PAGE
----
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  1. To print on the second side of a sheet already printed on one side.
  2. To adjust an image on one side of a sheet so that it aligns back-to-back with an image on the other side.

The weight, in pounds, of a ream (500 sheets) of paper cut to the "basic" size. Also called ream weight and substance weight (sub weight). A common example is 20# copy paper.  The "basic size" of that sheet is 17" x 22" and 500 sheets weighs 20 lbs.

The  department within a printing company responsible for collating, folding, trimming and binding various printing projects.

A press blanked is a rubber-coated pad, mounted on a cylinder of an offset press, that receives the inked image from the plate and transfers it to the surface to be printed.

Printing that extends to the edge of a sheet or page after trimming.  You can read more about bleed and trim on our blog.

A page number that is not printed on the page. For example in a book the first few pages in a book often do not have page numbers.  The page numbering might start  with 1 on the 6th physical page of the book.  Those first 5 physical pages without a page number are blind folios.

A blind image is an  that is debossed, embossed or stamped, but not printed with ink or foil.

Blocking or bricking is when printed sheets stick together.  With offset presses this happens if there is not enough anti-offset powder on the sheet.  With digital printing this can happen if the pages are not cooled adequately before stacking.

Blueline proofs are photographic proofs made from stripped negatives where all colors show as blue images on white paper. Because 'blueline' is a generic term for proofs made from a variety of materials having identical purposes and similar appearances, it may also be called a blackprint, blue, blueprint, brownline, brownprint, diazo, dyeline, ozalid, or position proof.  This term is outdated and really shouldn't be used any more.

Board paper or board stock is a general term for paper over 110# index, 80# cover or 200 gsm.  It is comonly used for pocket folders, packaging, displays, and hardcover books.  It is also sometimes called paperboard.

Bond paper is a category of paper commonly used for writing, printing and photocopying. It is an uncoated paper that absorbs most kinds of ink.  It is also called business paper, communication paper, correspondence paper and writing paper.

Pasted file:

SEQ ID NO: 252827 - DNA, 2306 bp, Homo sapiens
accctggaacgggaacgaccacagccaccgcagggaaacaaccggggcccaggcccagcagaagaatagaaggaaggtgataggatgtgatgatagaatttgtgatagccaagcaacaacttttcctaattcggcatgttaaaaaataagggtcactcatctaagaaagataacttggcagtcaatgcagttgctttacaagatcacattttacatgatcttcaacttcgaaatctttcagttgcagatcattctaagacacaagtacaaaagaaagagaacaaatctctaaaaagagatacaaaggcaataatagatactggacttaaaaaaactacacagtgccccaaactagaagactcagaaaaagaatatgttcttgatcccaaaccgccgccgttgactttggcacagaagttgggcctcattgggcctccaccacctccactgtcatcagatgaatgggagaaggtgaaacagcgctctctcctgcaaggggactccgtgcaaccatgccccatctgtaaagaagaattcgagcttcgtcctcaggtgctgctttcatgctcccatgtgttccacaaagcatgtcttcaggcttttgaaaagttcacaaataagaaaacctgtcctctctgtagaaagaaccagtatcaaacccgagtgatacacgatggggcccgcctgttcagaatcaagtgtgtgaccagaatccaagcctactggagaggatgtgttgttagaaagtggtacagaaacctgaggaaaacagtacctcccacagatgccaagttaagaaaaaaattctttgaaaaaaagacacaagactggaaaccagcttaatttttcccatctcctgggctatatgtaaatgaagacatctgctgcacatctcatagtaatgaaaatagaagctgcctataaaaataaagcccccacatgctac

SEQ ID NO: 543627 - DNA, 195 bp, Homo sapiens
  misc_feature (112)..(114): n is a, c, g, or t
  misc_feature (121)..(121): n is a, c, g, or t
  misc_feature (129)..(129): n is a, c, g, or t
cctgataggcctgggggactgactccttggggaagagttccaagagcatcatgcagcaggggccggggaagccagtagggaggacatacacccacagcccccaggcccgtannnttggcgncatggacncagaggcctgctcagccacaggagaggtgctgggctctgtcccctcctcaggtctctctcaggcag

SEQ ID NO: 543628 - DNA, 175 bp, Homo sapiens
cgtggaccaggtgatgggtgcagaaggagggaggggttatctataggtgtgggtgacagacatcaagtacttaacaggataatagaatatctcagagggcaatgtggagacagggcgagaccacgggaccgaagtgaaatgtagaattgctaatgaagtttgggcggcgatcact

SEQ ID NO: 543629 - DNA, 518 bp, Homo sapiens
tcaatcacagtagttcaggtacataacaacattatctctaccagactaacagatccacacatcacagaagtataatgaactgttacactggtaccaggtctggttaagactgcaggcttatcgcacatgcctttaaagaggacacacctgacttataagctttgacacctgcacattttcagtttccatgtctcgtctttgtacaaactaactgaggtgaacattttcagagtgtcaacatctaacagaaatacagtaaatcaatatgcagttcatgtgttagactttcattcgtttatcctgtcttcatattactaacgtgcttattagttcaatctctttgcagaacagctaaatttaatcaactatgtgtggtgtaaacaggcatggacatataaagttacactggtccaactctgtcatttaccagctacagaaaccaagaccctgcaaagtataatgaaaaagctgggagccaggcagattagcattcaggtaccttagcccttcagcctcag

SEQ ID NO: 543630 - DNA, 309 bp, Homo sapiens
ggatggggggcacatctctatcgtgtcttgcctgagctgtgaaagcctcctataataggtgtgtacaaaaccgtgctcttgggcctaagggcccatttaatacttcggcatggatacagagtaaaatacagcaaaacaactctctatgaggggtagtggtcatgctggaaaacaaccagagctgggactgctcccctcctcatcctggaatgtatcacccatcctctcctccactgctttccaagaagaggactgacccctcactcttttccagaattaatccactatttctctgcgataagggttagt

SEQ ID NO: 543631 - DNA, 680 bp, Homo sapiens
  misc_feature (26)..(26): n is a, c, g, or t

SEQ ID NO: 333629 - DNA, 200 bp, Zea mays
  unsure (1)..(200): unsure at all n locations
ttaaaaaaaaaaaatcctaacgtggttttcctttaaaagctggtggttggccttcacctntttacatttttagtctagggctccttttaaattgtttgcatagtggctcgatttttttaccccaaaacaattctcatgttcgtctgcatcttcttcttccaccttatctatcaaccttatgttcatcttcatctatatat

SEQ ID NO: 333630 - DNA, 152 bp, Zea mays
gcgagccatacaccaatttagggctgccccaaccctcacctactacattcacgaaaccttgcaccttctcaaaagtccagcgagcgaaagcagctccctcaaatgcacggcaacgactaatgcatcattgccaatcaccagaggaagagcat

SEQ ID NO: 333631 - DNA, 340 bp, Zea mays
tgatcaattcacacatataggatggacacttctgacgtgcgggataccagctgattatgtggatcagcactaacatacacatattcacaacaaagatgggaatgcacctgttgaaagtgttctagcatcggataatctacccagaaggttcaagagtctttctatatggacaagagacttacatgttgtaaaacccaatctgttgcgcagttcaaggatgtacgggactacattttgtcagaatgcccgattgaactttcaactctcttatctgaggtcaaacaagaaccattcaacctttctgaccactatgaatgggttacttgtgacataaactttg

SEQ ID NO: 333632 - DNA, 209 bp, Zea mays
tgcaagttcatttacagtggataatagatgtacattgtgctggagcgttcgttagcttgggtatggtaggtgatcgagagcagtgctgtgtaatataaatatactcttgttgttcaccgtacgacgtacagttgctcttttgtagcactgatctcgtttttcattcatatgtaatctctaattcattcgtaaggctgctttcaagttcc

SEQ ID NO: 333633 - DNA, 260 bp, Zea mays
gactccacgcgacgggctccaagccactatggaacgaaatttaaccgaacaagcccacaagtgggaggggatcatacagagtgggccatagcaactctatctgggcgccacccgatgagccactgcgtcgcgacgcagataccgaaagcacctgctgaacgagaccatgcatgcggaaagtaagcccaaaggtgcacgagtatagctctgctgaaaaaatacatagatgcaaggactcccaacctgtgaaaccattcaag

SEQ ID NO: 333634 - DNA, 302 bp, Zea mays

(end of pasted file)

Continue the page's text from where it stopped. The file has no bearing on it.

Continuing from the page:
A book block is a collection of pages usually in the form of folded signatures that are not yet bound with the cover.  In short it is a book without the cover.

Book paper is a category of paper suitable for books, magazines, catalogs, advertising and general printing needs. Book paper is divided into uncoated paper (also called offset paper), coated paper (also called art paper, enamel paper, gloss paper and slick paper) and text paper.

Bounce is a repeating registration problem in the printing stage of production.  In other words the image is "bouncing" around on the sheet and not printing in the same place on every page.  It is possible to have only one color bounce.

Building a color is the process of overlaping two or more screen tints to create a new color. Such an overlap is called a build, color build, stacked screen build or tint build.  Almost all colors in a traditional printing process are built using a combination of Cyan, Magenta, Yellow and Black.

Butt registration is there ink colors meet precicely without overlapping of allowing space in between.  In other words they butt up against each other.  Most printing allows colors to overlap or trap very slightly so as to not show tiny imperfections of misaligned registration that would be visible with butt registration.

A buyout is a service that is subcontracted to an outside vendory. It can also be called a farm out.  This is often done for a small specialty part of a job that we may not have the equiptment to do in house.